News | Reviews

 News about Hit Hard


May 28, 2020

Harvard In-Tech and the Covid Foundation

May 21, 2020

Judy Douglass Blog Article
Understanding and Help for Ambiguous Loss During the Ongoing Pandemic / Tammy McLeod

March 19, 2020

Family Life Today Interview
Incomplete Healing

Family Life Today Interview
Letting Go of What Was

January 30, 2020

The Gospel Coalition Article 
One Couple, Two Responses to Grief

September 25, 2019

100 Huntley Street Interview
Ambiguous Loss / Pat and Tammy McLeod

September 24, 2019

The Vanguard- BB&N Student Newspaper Article
School family chronicles ‘ambiguous loss’

September 23, 2019

Christianity Today Review
When Trauma on the Field Creates Trauma in the Home

September 5, 2019

Boston Public Radio Interview  
Tammy And Pat McLeod Had To Learn To Let Go Of The Past After Their Son’s Traumatic Brain Injury

August 12, 2019

Nightside with Dan Rea Interview
Hit Hard: Pat and Tammy McLeod

August 6, 2019

Fox News Interview
This week, Martha sat down with Pat McLeod and Tammy McLeod, authors of the memoir, Hit Hard.

August 5, 2019

Moody Radio Interview: Ken & Deb

July 26, 2019

Moody Radio Interview: Janet Parshall

July 22, 2019

Cru 19 Interview

July 23, 2019

Waypoint Adventure Article 
One program with many firsts

July 18, 2019

Lay Renewal Interview 
Radio Interview: Pat and Tammy McLeod – Hit Hard

July 18, 2019

The ARC Article 
When Life Hit you with Ambiguous Loss

July 10, 2019

Crosswalk Article (Pat McLeod)
Blessed are Those Who Mourn: Meeting God in the Midst of Suffering

July 9, 2019

Crosswalk Article (Tammy McLeod)
3 Powerful Ways Churches can Offer Support Through Ambiguous Loss

July 9, 2019

Gordon Conwell Article 
Alumni Book Release: Hit Hard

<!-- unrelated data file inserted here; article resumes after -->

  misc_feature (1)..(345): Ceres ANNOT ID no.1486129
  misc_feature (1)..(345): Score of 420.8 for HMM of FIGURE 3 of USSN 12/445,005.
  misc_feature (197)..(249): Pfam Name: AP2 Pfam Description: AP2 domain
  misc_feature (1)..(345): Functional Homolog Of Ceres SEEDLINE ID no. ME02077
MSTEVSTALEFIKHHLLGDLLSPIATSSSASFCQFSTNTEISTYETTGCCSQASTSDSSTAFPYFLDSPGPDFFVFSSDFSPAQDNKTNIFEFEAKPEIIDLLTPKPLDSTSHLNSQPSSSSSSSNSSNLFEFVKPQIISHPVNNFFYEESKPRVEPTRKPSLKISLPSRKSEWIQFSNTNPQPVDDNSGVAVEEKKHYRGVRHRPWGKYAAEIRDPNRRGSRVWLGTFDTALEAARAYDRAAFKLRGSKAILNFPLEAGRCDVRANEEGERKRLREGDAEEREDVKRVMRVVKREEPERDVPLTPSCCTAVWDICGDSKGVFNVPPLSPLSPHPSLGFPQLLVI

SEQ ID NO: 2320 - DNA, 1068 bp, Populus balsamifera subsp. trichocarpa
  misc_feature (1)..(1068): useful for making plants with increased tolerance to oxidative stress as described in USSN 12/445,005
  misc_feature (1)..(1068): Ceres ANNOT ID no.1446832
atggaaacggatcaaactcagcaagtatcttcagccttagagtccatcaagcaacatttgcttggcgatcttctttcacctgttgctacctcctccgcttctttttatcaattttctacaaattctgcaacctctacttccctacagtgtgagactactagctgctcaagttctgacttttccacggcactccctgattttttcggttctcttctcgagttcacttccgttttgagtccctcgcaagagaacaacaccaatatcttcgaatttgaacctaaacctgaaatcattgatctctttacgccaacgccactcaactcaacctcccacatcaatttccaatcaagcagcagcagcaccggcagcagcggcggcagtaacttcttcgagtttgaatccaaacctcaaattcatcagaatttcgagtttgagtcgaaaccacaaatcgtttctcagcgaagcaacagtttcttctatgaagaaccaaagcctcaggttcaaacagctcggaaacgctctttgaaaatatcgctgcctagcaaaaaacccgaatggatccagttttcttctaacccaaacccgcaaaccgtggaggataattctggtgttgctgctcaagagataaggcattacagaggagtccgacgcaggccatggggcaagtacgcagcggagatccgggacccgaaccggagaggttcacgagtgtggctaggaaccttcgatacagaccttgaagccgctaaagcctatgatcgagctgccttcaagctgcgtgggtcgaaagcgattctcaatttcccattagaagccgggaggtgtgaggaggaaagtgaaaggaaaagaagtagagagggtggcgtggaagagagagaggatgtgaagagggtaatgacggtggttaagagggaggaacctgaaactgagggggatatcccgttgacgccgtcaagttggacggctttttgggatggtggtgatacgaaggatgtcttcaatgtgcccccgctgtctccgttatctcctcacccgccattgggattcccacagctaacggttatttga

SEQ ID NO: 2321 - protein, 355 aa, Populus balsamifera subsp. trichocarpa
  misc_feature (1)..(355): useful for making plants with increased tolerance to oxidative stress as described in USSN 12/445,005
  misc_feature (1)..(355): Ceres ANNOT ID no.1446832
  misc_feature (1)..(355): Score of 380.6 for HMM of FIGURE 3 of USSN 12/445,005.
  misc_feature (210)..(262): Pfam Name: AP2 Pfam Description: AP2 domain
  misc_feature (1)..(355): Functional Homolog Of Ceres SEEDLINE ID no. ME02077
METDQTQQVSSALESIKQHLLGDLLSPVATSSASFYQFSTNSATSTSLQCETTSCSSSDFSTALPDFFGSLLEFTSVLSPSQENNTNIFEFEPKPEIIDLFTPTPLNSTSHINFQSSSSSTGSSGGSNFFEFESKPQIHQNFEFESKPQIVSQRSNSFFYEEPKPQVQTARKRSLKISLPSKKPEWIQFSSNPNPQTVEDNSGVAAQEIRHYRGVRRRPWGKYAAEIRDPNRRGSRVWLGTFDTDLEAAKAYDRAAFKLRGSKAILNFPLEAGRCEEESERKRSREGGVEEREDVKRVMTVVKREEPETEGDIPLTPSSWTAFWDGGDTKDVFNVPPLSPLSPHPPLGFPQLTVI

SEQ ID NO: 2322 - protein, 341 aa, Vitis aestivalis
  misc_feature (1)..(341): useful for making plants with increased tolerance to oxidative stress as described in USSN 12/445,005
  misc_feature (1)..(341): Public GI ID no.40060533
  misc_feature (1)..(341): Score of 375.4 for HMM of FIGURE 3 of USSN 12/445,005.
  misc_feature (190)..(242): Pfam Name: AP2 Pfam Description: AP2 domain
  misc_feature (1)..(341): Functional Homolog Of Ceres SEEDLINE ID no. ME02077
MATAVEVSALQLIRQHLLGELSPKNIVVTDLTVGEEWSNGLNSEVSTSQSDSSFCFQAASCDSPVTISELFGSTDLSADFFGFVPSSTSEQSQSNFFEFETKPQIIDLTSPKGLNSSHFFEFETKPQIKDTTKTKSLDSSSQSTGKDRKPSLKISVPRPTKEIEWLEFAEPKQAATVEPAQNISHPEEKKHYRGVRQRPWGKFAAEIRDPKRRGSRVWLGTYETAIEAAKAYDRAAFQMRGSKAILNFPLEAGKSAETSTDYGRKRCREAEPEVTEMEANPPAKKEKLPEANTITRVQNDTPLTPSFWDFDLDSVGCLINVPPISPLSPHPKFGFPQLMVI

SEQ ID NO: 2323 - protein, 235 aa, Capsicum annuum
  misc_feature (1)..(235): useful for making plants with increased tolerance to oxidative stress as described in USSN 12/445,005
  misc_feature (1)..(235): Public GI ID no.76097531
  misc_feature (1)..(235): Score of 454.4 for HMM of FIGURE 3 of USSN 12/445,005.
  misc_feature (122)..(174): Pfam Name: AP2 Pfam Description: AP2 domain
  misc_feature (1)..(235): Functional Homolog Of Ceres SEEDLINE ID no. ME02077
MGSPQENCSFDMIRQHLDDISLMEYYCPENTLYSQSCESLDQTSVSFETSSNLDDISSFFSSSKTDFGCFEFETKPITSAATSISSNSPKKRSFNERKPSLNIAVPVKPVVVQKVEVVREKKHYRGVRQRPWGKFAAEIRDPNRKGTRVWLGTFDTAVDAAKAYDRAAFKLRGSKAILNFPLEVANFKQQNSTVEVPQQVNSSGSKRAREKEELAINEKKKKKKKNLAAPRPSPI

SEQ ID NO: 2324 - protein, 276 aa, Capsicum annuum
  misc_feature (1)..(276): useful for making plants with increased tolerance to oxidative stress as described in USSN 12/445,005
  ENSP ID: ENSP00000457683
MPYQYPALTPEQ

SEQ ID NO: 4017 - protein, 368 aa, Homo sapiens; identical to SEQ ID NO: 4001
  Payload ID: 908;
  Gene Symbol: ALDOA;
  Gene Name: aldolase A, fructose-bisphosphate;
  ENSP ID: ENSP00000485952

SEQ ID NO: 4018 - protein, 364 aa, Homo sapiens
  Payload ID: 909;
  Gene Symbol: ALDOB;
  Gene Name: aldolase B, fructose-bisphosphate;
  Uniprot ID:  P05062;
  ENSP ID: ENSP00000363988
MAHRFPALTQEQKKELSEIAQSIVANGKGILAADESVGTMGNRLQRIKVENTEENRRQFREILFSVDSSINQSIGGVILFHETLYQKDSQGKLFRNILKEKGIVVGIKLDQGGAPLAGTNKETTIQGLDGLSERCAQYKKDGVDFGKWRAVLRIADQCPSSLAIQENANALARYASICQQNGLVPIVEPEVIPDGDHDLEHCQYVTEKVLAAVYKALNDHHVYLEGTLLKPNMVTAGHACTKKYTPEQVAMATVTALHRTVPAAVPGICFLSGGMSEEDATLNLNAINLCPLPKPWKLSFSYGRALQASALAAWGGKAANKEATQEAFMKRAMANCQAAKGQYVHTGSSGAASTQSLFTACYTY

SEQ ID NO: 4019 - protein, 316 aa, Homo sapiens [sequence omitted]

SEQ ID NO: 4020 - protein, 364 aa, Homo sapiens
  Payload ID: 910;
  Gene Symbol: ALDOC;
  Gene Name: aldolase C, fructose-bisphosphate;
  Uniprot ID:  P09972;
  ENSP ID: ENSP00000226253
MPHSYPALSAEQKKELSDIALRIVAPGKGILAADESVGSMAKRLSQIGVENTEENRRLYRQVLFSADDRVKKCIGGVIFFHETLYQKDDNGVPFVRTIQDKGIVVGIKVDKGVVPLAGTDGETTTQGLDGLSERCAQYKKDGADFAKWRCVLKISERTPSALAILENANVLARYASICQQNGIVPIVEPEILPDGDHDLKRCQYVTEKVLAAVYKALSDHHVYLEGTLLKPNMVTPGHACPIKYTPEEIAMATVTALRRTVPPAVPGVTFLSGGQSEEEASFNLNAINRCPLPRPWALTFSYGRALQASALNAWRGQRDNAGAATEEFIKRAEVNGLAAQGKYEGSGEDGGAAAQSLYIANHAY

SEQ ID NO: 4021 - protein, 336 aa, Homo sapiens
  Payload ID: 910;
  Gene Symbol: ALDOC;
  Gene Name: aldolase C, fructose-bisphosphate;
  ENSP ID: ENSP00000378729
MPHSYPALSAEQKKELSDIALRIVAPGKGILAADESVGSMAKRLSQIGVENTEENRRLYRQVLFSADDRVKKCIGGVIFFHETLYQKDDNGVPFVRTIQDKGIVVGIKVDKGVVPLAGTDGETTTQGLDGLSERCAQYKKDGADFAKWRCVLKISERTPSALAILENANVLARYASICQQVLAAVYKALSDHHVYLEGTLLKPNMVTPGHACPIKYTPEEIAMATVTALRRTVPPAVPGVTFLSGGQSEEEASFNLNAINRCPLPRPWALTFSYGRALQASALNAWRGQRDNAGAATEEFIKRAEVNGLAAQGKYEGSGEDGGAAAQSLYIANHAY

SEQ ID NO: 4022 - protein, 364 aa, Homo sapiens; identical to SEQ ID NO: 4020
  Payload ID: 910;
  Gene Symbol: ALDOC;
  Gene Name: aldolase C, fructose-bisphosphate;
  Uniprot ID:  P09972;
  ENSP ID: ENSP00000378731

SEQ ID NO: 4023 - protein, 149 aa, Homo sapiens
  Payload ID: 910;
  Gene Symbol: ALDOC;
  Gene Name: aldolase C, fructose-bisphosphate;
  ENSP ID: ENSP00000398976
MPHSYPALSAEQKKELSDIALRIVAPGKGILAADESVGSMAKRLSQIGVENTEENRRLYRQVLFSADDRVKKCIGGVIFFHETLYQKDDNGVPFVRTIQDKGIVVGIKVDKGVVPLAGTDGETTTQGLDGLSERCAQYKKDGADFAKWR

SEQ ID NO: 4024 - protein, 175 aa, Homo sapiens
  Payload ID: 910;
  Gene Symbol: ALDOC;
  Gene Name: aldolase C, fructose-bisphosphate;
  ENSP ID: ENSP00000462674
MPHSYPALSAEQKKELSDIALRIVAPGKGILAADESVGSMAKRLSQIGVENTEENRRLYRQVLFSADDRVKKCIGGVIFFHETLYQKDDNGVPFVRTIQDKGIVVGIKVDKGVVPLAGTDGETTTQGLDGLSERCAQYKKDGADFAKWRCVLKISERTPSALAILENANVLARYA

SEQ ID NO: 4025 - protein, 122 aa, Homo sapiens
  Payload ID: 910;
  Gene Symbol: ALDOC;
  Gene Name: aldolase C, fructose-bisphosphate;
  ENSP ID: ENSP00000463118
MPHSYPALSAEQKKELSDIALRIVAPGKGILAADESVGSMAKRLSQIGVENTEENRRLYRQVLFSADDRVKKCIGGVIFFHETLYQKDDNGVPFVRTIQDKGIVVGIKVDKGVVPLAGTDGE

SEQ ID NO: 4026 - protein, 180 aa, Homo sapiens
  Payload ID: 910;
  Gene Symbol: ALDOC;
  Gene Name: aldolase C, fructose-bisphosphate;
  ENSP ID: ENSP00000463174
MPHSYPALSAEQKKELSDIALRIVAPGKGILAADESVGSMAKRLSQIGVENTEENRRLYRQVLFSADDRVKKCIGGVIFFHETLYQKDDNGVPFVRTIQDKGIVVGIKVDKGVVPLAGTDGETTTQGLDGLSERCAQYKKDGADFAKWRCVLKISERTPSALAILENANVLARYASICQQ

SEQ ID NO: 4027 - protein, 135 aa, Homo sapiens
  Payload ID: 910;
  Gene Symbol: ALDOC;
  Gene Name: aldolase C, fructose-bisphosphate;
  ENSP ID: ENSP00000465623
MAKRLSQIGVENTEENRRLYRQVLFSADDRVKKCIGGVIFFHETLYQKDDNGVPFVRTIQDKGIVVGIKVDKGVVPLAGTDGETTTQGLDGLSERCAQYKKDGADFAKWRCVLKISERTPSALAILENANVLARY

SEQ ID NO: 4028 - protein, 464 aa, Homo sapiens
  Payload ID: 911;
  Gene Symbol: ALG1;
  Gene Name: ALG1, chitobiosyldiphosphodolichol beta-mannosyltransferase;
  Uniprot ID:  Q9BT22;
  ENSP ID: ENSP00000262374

July 9, 2019

Sports Spectrum Podcast
Pat and Tammy McLeod, Harvard University Chaplains on Ambiguous Loss

July 9, 2019

Boston Globe Article
After son’s brain injury, Harvard chaplains Pat and Tammy McLeod trace the evolution of grief, gratitude and belief

Jul 8, 2019

Listener Podcast
Hit Hard

July 7, 2019

Gettysburg Times Article
Hanover native discusses son’s football-related brain injury in new book

Jul 5, 2019

100 Huntley Street Coverage

Jul 4, 2019

Spirit Filled Woman Article 
Mourning with Those Who Mourn: How to Support Grieving Loved Ones through Ambiguous Loss

June 12, 2019

Channel 7 Coverage of Zach McLeod Reuniting with Tim Tebow

June 5, 2019

 Reviews about Hit Hard

What people are saying about Hit Hard

A stirring and inspiring story about loss, grief, love, and faith. Pat and Tammy McLeod have much to teach us all about the meaning of ambiguous loss—how they let go of the son they once knew and learned to embrace the son they have today.

Ben Bradlee Jr., former Pulitzer Prize–winning journalist at the Boston Globe; author of The Kid: The Immortal Life of Ted Williams, and The Forgotten: How the People of One Pennsylvania County Elected Donald Trump and Changed America

Spiritual, riveting, compassionate, loving, cathartic, and so much more. A must-read for every parent and parent-to-be.

Dr. Robert C. Cantu, Clinical Professor of Neurosurgery and Neurology and Cofounder of the CTE Center, Boston University School of Medicine.